Lombard: Prudential chief will still be the Egg man

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Sale of online business is abandoned

It is a good job that Prudential is better at selling life assurance than it is at selling businesses.

When Mark Tucker reveals his strategy review later this month alongside third-quarter figures, the new chief executive is expected to say that the life assurer will retain its 79 per cent stake in Egg and the group’s US subsidiary Jackson National Life, despite speculation that both would be sold if this could be done sensibly.

The decisions are disappointing but necessary. Jackson is sub-scale and not a priority for expansion but if it continues to provide growth ahead of the US market, there is no reason to rush to disposal and every reason not to expose it to the uncertainty that is part of embarking on a sale.

If the Pru needed any reminder of the downside of setting out on a disposal, it needs only look at Egg.

The days have long since gone when there was talk that the online operation might fetch up to £1.6bn.

At Wednesday’s closing share price of 101½p, Egg’s market value is now no more than £836.8m.

Even before the first, failed auction last year Egg had made mistakes, notably the costly expansion into France but it was also damaged by the extended process that delayed the French exit and brought instability to the UK business.

In current, more difficult, lending conditions and under the continuing shadow of bad-debt provisions, Egg cannot afford to be distracted by concerns about future ownership.

In the meantime, if there were any heroic potential bidder prepared to pay a substantial premium, then an announcement that the Egg stake is not for sale would not deter either buyer or, one assumes, seller.

Nevertheless, the decisions leave the strategic review looking thin. Mr Tucker may yet spring a surprise but the expected moves to tweak the UK business and make it easier to step up the pace of growth in Asia barely amount even to the “evolution not revolution” he signalled in the summer. “As you were” is not much of a rallying cry for the new regime.

Bling bling

When times get hard, British consumers huddle in front of their televisions and hit the gin but go easy on the bling. That, at any rate, is one interpretation of Wednesday’s trading statement from GUS, which reported weak sales of jewellery at its Argos chain but good performances in white goods and LCD televisions.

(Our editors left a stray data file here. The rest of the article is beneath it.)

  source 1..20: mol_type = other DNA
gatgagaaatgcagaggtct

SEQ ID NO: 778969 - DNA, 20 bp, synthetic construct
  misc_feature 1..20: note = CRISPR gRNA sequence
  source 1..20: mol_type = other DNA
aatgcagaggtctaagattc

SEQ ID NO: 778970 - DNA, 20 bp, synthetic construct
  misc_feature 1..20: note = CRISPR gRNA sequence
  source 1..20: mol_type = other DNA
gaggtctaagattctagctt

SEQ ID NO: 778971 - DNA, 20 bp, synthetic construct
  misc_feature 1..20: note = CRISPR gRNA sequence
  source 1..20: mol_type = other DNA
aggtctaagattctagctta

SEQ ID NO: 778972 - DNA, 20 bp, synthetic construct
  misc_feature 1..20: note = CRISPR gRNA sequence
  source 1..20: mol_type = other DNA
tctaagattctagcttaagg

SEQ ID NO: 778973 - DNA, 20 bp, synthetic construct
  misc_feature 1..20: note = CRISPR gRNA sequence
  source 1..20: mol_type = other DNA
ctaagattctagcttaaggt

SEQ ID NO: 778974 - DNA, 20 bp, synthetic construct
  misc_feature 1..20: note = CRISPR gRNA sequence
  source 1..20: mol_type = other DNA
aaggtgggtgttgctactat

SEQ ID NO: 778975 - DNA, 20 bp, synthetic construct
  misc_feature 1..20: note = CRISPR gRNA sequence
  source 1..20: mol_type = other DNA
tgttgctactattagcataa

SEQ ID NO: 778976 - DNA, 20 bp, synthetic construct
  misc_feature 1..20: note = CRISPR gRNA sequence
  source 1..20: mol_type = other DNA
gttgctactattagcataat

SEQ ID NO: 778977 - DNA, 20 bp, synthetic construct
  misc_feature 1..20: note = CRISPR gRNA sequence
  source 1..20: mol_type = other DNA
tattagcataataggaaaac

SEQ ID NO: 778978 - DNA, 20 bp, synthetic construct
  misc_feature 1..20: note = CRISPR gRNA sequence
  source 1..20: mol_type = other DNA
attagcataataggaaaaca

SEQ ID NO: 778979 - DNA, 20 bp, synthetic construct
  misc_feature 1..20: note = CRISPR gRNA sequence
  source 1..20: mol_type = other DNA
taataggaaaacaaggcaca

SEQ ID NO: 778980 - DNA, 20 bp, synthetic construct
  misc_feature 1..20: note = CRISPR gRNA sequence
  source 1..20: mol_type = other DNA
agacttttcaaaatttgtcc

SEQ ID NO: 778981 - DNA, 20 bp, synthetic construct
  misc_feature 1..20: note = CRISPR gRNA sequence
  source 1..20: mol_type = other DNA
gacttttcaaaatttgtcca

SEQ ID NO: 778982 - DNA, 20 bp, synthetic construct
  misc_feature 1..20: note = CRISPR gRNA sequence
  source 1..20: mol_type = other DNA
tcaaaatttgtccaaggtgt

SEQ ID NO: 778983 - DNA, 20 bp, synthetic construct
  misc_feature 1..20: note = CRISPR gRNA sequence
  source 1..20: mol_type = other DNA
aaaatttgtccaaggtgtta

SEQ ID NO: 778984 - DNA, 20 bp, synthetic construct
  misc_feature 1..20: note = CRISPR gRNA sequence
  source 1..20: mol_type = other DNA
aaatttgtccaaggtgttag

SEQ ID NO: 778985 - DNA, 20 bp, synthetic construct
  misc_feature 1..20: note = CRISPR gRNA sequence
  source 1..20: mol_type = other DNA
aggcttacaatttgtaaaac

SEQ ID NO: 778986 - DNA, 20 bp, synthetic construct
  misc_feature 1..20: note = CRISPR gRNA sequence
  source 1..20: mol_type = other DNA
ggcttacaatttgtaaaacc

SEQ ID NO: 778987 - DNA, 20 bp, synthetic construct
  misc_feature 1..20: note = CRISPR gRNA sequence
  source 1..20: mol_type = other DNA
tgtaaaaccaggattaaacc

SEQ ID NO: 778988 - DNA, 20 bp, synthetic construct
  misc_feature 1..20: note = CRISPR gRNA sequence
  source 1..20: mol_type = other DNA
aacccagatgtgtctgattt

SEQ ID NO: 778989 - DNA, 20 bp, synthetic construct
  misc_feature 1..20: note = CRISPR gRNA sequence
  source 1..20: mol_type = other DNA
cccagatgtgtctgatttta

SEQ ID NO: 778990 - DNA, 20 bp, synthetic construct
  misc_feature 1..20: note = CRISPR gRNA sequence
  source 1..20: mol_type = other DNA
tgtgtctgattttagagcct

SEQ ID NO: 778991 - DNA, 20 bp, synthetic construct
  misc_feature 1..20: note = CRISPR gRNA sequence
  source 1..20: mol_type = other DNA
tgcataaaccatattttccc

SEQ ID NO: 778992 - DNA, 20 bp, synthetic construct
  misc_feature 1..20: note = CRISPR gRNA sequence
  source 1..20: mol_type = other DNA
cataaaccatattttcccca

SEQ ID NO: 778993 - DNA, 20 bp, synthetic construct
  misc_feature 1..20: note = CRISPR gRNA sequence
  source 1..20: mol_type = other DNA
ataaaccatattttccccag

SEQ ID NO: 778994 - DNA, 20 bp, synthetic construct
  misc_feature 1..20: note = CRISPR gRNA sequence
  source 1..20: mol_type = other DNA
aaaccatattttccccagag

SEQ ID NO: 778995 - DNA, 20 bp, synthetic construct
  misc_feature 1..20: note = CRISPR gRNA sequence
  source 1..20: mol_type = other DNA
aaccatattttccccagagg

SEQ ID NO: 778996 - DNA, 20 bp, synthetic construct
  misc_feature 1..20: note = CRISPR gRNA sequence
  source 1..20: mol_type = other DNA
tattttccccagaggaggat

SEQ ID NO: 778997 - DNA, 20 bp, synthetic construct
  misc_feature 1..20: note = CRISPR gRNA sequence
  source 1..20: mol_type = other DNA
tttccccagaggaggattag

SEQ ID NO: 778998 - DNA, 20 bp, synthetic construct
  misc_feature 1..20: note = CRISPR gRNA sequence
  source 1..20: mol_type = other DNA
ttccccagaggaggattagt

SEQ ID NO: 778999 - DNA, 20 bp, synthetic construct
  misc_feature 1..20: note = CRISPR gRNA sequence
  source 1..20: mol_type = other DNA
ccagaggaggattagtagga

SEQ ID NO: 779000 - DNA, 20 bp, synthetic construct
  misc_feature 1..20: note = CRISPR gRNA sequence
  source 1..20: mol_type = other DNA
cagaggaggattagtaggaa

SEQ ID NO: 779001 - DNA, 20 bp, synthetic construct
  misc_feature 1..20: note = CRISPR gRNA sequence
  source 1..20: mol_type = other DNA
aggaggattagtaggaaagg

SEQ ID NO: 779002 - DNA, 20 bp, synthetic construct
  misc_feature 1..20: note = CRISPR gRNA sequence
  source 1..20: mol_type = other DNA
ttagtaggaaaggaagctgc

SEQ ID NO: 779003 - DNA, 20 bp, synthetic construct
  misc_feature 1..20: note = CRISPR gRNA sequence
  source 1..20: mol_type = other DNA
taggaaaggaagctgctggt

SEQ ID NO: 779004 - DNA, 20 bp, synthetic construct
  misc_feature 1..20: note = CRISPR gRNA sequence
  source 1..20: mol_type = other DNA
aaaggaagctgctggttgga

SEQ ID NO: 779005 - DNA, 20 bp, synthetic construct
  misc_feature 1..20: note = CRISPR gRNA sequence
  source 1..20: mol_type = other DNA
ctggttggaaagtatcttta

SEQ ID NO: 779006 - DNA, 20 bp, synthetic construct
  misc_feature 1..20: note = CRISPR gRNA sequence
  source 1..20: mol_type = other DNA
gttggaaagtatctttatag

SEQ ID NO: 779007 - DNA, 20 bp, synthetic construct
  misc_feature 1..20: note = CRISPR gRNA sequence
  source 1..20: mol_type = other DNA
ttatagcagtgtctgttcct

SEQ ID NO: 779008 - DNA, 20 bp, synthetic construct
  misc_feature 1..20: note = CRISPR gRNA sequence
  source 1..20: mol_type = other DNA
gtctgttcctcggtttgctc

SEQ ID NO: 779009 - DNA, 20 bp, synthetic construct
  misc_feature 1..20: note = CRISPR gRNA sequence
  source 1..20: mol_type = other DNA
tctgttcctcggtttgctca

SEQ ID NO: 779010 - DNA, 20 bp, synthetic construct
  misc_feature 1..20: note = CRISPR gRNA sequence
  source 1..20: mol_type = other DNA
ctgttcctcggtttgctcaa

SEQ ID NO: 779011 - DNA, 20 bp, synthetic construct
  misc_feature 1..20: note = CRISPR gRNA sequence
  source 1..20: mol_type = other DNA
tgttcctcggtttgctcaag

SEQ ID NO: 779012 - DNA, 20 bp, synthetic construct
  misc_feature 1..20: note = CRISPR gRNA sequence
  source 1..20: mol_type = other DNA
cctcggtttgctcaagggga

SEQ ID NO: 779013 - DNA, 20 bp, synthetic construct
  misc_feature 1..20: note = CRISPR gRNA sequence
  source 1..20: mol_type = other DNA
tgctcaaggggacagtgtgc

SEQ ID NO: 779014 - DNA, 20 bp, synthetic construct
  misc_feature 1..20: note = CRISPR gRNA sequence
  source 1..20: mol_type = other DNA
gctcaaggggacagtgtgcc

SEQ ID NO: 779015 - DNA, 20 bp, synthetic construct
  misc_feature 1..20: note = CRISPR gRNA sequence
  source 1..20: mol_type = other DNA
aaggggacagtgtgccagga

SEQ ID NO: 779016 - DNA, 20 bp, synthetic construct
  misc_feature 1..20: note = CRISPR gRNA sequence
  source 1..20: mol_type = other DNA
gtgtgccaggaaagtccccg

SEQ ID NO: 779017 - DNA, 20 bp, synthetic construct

In the context of the sharp downturn on the high street, Wednesday’s Argos figures were pretty respectable, with a 3 per cent drop in like-for-like sales and gross margins held thanks to supply-chain gains.

However, GUS’s Homebase DIY chain performed a little worse than expected, with like-for-likes down 4 per cent in the first half.

But yet again GUS’s real jewel was Experian, its credit information business, which saw sales rise 29 per cent – 12 per cent before acquisitions.

All of which would seem to make it less likely that GUS will split off Experian – as it is committed to do one day – any time soon. It is spinning off Burberry at the end of this year, which will focus more attention on its other three legs, and the UK retail environment may get worse before it gets better: GUS is working on the assumption that market like-for-likes will decline for the next 12 months.

This is hardly the ideal moment to cast loose a high-margin, cash-generating, strongly growing business like Experian, with elements of contra-cyclicality. And arguably Experian is growing so fast that the market might not put the right valuation on it as an independent.

GUS shares stand on a prospective p/e of 14, in line with the retailing sector, though after the Burberry spin off roughly half of operating profit willcome from Experian – and its US peers stand on a price/earnings ratio of 20. Bling may be out at Argos but, in an other-wise dowdy looking retailing sector, GUS still offers a flash of silver.

Second coming

Call it the second coming of John Lovering. Two years ago, the retailing entrepreneur made a putative bid of 120p a share for Somerfield but withdrew it in the face of opposition from John von Spreckelsen, the executive chairman, and his board.

Now Mr Lovering seems to be back. He would become chairman if the consortium that includes Apax, the private equity group, finally launches a bid (after a mere six months examining the books) on Friday – the deadline set by the Takeover Panel – and pitches it high enough to win over shareholders, including the hedge funds that have been piling into the stock. The indicative offer was 205p but auction tension has been lost with the withdrawal of a potential rival.

Signing up Mr Lovering certainly suggests the consortium means business. He has a string of big retail successes to his name, including the buy-outs of Homebase and Debenhams. But questions arise: will he have the time, given his other extensive commitments? Why, apart from an obvious pile of money, does he want to do the job, given the potential reputational risk of entanglement with the perennially disappointing Somerfield? And does he have a vision? It may be his second coming but there may be limits to even Mr Lovering’s miracle working.


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